CHIBA, Japan — The most anticipated wrestling match of the Tokyo Olympics had been flat, with “The Russian Tank” defeating “Captain America,” 6-3, in a gold medal battle Saturday night that failed to live up to outrageous expectations.

And now it was time for the 97-kilogram freestyle medal ceremony, and Kyle Snyder — the one known as Captain America — was the first out of the little room where medal winners wait inside Makuhari Messe Hall. Behind him came the Russian Tank, Abdulrashid Sadulaev — the American ahead leading the wrestler from the Russian Olympic Committee who had just beaten him.

It’s a misleading walk that medal winners take to medal ceremonies at the Olympics. The silver medalist goes first, then the gold winner, with the bronze medalist behind. It’s done this way because of how the athletes line up on the medal platform — gold always in the middle. But as they moved through the walkway toward the arena, the order was an odd juxtaposition of where their rivalry stands at the moment.

The two men, who might be the most powerful in wrestling, have met three times, and Sadulaev has won the past two. On Saturday, he seemed in control the whole time.

“Unbelievable,” Sadulaev said afterward. “I know this feeling because five years [ago] I became Olympic champion.”

Once, they existed in parallel worlds of dominance. Both men won gold medals at the 2016 Olympics, Snyder tearing through the 97-kilogram (213.8-pound) weight class and Sadulaev thundering to victory at 86 kilograms (189.5 pounds). Then, Sadulaev moved to 97 in 2017, and the super rivalry was born, their nicknames perfect for a classic U.S.-Russia wrestling war.

When they first met at that year’s world championships, Snyder won, 6-5. That remains the most recent time Sadulaev has lost a match. In 2018, Sadulaev pinned Snyder for a victory. In 2019, Snyder lost early in the tournament, squashing any chance of another bout. In 2020, there were no world championships.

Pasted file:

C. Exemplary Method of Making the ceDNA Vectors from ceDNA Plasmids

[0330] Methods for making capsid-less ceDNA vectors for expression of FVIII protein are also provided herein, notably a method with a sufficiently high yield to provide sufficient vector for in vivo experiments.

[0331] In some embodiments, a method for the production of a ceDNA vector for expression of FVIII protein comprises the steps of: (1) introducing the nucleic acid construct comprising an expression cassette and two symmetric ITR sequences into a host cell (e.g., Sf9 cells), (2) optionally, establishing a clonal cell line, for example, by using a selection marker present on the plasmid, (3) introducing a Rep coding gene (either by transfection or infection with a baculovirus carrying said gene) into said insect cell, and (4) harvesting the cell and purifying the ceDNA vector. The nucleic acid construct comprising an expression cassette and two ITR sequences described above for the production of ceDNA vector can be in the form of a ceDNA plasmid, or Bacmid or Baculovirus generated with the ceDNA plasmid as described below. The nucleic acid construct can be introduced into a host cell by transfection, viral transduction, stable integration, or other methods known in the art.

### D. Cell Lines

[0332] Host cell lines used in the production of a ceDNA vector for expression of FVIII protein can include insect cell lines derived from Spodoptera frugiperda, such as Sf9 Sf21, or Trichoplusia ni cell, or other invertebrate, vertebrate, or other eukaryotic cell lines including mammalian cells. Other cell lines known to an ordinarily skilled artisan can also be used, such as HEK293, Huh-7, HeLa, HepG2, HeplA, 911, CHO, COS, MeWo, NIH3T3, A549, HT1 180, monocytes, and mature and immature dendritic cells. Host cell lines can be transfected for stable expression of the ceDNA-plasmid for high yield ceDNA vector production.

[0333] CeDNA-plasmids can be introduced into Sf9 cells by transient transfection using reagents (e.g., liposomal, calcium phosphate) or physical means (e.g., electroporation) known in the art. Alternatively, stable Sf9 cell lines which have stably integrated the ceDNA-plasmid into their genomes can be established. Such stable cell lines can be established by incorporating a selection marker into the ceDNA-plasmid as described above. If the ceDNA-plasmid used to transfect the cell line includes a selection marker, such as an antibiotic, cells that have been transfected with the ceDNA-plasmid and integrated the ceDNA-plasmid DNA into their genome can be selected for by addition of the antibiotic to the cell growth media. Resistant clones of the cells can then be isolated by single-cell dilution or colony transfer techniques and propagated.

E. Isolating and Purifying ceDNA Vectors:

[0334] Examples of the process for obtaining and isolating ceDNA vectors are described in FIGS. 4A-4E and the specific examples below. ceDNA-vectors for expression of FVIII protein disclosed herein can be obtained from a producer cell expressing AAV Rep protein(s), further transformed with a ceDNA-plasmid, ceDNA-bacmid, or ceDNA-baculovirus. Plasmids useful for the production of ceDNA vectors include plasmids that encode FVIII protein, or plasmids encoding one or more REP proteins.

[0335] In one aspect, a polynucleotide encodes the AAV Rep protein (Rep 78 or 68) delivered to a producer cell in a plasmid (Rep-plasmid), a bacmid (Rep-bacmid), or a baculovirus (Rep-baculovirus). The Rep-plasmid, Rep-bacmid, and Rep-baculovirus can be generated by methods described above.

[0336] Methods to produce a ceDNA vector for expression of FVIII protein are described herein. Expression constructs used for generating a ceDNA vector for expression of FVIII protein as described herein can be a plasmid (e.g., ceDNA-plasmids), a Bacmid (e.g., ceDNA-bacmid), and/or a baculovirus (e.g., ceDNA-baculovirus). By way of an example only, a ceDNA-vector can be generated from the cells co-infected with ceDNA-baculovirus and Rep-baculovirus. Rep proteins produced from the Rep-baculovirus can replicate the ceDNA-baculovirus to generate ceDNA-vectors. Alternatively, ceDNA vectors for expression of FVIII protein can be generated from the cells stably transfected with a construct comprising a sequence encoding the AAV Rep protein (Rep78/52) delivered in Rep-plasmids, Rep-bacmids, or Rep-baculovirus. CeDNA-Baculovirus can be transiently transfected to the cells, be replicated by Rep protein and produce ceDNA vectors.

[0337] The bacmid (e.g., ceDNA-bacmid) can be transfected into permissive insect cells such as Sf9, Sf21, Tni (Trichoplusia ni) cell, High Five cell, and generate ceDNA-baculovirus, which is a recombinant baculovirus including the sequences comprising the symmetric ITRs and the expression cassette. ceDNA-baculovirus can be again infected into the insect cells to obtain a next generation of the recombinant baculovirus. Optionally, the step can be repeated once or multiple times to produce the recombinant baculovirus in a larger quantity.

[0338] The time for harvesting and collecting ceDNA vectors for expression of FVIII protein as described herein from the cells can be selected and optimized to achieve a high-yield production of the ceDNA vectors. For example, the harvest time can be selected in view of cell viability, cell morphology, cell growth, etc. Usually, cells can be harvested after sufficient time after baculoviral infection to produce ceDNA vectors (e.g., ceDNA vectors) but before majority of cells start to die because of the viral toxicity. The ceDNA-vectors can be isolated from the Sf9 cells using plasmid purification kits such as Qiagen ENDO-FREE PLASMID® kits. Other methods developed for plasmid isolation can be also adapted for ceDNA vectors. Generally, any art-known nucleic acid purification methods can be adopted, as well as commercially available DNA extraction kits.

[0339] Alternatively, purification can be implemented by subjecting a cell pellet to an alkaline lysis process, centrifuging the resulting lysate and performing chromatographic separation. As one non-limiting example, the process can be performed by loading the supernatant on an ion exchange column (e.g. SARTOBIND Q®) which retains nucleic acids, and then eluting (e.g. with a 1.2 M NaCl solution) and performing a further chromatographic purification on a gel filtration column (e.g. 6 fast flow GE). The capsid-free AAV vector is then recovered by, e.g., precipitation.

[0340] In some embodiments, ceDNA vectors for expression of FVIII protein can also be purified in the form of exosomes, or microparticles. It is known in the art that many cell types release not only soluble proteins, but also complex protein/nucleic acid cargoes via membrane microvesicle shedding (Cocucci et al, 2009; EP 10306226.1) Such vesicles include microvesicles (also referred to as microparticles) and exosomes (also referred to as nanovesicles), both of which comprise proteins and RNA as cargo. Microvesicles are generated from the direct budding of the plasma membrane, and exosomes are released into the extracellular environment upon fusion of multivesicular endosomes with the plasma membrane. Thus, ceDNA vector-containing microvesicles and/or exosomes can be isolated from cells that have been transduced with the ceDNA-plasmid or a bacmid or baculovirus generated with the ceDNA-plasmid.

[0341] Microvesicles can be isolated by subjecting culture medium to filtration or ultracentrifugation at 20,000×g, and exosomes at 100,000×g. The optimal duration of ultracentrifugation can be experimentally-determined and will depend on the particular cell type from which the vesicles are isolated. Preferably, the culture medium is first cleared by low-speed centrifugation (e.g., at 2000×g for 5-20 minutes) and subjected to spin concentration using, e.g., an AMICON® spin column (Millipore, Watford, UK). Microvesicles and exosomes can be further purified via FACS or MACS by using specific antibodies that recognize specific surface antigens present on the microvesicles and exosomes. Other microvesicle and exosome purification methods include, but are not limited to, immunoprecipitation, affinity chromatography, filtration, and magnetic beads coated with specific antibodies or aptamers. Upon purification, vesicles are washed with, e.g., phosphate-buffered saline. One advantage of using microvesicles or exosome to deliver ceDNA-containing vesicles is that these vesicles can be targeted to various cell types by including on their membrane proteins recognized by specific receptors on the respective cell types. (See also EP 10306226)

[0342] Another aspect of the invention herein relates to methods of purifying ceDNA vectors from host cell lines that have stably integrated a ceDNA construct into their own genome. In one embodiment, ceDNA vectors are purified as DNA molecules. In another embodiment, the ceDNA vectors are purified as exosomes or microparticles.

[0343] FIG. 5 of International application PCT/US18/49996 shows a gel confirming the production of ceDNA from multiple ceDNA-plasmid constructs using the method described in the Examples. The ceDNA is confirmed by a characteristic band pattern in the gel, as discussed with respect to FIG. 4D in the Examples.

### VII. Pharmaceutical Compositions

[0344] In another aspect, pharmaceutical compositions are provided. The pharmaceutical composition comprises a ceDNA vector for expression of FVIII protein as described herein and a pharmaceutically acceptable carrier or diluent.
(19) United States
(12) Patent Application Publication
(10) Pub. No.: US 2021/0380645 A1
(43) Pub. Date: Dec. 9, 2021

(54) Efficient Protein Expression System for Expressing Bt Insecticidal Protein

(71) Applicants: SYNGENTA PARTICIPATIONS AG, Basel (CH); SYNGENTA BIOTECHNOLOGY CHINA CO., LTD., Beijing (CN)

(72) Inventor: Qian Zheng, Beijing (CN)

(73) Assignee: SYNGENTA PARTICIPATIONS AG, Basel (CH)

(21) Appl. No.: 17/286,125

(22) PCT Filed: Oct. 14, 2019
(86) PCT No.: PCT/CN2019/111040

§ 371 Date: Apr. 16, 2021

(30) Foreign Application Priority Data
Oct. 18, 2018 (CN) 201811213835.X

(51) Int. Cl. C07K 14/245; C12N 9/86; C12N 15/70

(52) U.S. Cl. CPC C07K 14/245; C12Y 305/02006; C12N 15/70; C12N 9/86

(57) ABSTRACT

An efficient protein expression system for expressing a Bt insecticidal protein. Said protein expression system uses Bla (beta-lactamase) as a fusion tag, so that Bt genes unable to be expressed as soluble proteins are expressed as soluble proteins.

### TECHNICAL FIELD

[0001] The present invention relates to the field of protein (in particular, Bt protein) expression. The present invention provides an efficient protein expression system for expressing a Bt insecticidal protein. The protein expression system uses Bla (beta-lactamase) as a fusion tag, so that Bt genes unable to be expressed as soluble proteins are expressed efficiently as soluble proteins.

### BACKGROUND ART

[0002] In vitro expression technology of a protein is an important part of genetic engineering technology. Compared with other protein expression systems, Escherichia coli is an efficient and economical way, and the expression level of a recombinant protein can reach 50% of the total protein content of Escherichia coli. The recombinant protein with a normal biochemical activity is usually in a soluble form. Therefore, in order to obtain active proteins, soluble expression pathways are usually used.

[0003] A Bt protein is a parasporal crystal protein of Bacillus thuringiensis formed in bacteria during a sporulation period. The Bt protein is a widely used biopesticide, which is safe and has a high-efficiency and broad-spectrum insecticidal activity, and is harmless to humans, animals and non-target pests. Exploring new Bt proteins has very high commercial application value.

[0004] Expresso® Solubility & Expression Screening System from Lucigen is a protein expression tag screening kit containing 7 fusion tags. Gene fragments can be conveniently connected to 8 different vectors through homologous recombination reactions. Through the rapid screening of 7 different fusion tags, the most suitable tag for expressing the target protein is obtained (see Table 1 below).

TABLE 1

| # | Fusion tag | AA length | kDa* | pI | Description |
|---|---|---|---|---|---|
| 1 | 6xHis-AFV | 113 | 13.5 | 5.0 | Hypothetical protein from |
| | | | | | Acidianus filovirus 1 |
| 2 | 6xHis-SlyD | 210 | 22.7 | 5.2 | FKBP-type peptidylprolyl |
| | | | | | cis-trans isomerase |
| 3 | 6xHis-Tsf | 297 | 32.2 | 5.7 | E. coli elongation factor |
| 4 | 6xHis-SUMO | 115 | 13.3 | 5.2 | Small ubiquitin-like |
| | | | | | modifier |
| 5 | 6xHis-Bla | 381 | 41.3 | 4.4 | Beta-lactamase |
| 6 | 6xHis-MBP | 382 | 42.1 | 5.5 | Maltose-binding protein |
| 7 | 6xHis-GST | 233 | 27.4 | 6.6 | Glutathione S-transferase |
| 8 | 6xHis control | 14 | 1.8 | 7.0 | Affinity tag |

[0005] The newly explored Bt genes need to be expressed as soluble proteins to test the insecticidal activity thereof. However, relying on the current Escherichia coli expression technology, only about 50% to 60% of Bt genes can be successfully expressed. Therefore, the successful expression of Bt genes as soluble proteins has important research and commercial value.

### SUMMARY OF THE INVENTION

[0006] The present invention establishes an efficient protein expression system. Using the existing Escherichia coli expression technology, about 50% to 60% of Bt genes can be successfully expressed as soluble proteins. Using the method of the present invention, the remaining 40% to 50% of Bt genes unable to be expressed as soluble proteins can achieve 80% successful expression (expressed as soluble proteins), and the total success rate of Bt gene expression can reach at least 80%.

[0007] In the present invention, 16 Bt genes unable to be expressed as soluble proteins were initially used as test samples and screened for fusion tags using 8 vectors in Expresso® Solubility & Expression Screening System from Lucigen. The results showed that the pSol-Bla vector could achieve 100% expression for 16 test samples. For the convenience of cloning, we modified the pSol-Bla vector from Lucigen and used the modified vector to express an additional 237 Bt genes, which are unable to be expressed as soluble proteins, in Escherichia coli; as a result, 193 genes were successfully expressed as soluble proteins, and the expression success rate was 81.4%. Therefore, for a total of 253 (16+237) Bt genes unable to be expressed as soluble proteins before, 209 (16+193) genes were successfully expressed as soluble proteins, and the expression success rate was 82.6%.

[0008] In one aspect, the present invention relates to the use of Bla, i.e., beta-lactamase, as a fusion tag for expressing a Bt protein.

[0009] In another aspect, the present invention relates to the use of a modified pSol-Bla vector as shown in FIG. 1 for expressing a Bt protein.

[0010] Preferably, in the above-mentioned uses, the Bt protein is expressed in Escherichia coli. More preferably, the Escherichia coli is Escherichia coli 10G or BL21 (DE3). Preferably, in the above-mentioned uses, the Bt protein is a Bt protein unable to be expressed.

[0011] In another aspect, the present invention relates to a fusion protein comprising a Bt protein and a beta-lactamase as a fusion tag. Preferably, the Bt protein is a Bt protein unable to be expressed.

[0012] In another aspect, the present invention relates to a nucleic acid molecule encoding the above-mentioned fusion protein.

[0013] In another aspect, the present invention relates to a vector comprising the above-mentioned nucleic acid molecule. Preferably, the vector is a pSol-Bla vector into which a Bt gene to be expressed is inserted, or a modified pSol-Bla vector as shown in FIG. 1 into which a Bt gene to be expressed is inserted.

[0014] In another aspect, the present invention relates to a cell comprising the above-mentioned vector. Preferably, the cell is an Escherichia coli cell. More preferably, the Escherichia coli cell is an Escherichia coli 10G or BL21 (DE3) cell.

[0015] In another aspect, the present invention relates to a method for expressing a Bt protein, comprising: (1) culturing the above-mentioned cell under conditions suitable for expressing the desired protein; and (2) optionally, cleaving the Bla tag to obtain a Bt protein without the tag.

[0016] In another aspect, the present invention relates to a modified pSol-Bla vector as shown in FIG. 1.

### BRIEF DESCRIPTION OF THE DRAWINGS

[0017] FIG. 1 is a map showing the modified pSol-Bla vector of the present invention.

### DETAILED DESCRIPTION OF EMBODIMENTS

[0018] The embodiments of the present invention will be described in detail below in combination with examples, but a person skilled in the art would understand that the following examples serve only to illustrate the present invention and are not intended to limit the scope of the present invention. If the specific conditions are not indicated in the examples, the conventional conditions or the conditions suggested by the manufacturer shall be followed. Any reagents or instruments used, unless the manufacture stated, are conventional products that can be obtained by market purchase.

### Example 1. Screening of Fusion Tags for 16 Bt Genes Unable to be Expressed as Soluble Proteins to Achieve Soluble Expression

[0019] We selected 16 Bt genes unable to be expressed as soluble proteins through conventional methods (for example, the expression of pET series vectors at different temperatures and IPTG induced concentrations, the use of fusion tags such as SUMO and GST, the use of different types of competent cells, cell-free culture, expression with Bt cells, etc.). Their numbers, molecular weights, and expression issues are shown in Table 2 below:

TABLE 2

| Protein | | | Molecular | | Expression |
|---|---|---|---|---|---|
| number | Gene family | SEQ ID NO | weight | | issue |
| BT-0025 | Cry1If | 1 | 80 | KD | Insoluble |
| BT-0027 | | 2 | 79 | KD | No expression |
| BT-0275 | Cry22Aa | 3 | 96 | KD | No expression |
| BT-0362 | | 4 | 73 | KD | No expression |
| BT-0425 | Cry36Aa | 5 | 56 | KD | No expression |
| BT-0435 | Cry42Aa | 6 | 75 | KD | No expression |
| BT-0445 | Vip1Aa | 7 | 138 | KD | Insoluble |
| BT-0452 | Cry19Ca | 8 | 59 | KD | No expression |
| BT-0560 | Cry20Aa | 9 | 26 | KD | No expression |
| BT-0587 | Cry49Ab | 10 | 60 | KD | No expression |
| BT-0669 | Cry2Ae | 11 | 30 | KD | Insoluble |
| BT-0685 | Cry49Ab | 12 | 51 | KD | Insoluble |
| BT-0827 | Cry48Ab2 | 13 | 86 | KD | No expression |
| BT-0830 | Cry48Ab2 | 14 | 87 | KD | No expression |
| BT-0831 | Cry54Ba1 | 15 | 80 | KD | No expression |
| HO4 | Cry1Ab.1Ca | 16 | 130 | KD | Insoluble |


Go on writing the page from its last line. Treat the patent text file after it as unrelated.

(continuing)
All of that made Saturday night’s match seem so big. In an interview the night before, Snyder, who has never been overly revealing about his feelings, admitted he has thought a lot about Sadulaev. How could he not? It was all everyone was talking about.

When they finally wrestled again, late Saturday night, the setting seemed wrong for such a titanic matchup. The four sets of steel stands in a vast convention center were empty, with only journalists and members of the American and Russian wrestling teams packed into a section close to the mat.

Perhaps attempting to create some kind of tension, and certainly understanding the recent dominance of the Russian Tank, the U.S. wrestlers chanted Snyder’s name. They pounded their feet on the steel bleachers. They clapped as one. They yelled: “USA! USA! USA!” Sadulaev walked slowly into the arena. Snyder ran in.

As the whistle blew, Snyder pounced. Sadulaev played defense. And that’s the way it went. The two men circling each other, heads touching, arms on shoulders, neither able to do much. Sadulaev won an inactivity point and twice got two-point exposures. Essentially that was the match. Snyder’s attacks were blocked. Sadulaev was too strong to take down.

Later, when they were done, Snyder would assess the match with little emotion, saying simply: “I’ll have to go back and [watch a replay]. Definitely some positions I got to get better in, so that’s what I’m thinking about.”

He said little Saturday, though there was a sense he probably wouldn’t have had a lot more to add had he won. He showed little emotion. If he was angry about the result, he wouldn’t say.

“I’m a competitor, so I hate to lose, and, yeah, so I know there’s things I got to get better at,” he said. “But it’s the spirit of Jesus that’s strong in me. I’m not that strong of a guy, but Jesus is really strong, so his spirit keeps moving forward.”

Asked if Sadulaev is a different wrestler than that time they met in 2017, Snyder shrugged.

“I don’t know,” he said. “I’m not sure.”

When someone wondered if Sadulaev is now just too strong to be beaten, Snyder paused for a second.

“I don’t know,” he said.

He laughed. It was the kind of laugh that said it was a thought he didn’t want to consider.

Snyder brightened when someone brought up the nine wrestling medals the U.S. team won at the Olympics — an enormous number, especially because they were all in freestyle and all five of the American men at these Games won a medal.

“Yeah, guys are getting better and better. Everybody’s doing the right things, and we got great coaches, great support staff, great training environments,” he said. “So, really happy for my teammates, great job here, and happy for the coaches, too, because they work so hard. I think we’re going to dominate, keep getting better.”

At the medal ceremony, he stood on the platform beside Sadulaev, holding a tiny bouquet in his hand, watching without a hint of admiration or disdain as his rival held the gold medal aloft, pretending to bite it.

In the stands, his American teammates, who had done their best to make the Olympics’ biggest wrestling match feel like it, slowly moved down the steps. A few stopped and looked at Snyder standing there with his silver. They waved goodbye. There wasn’t anything more they could do on the night the Russian Tank kept rolling.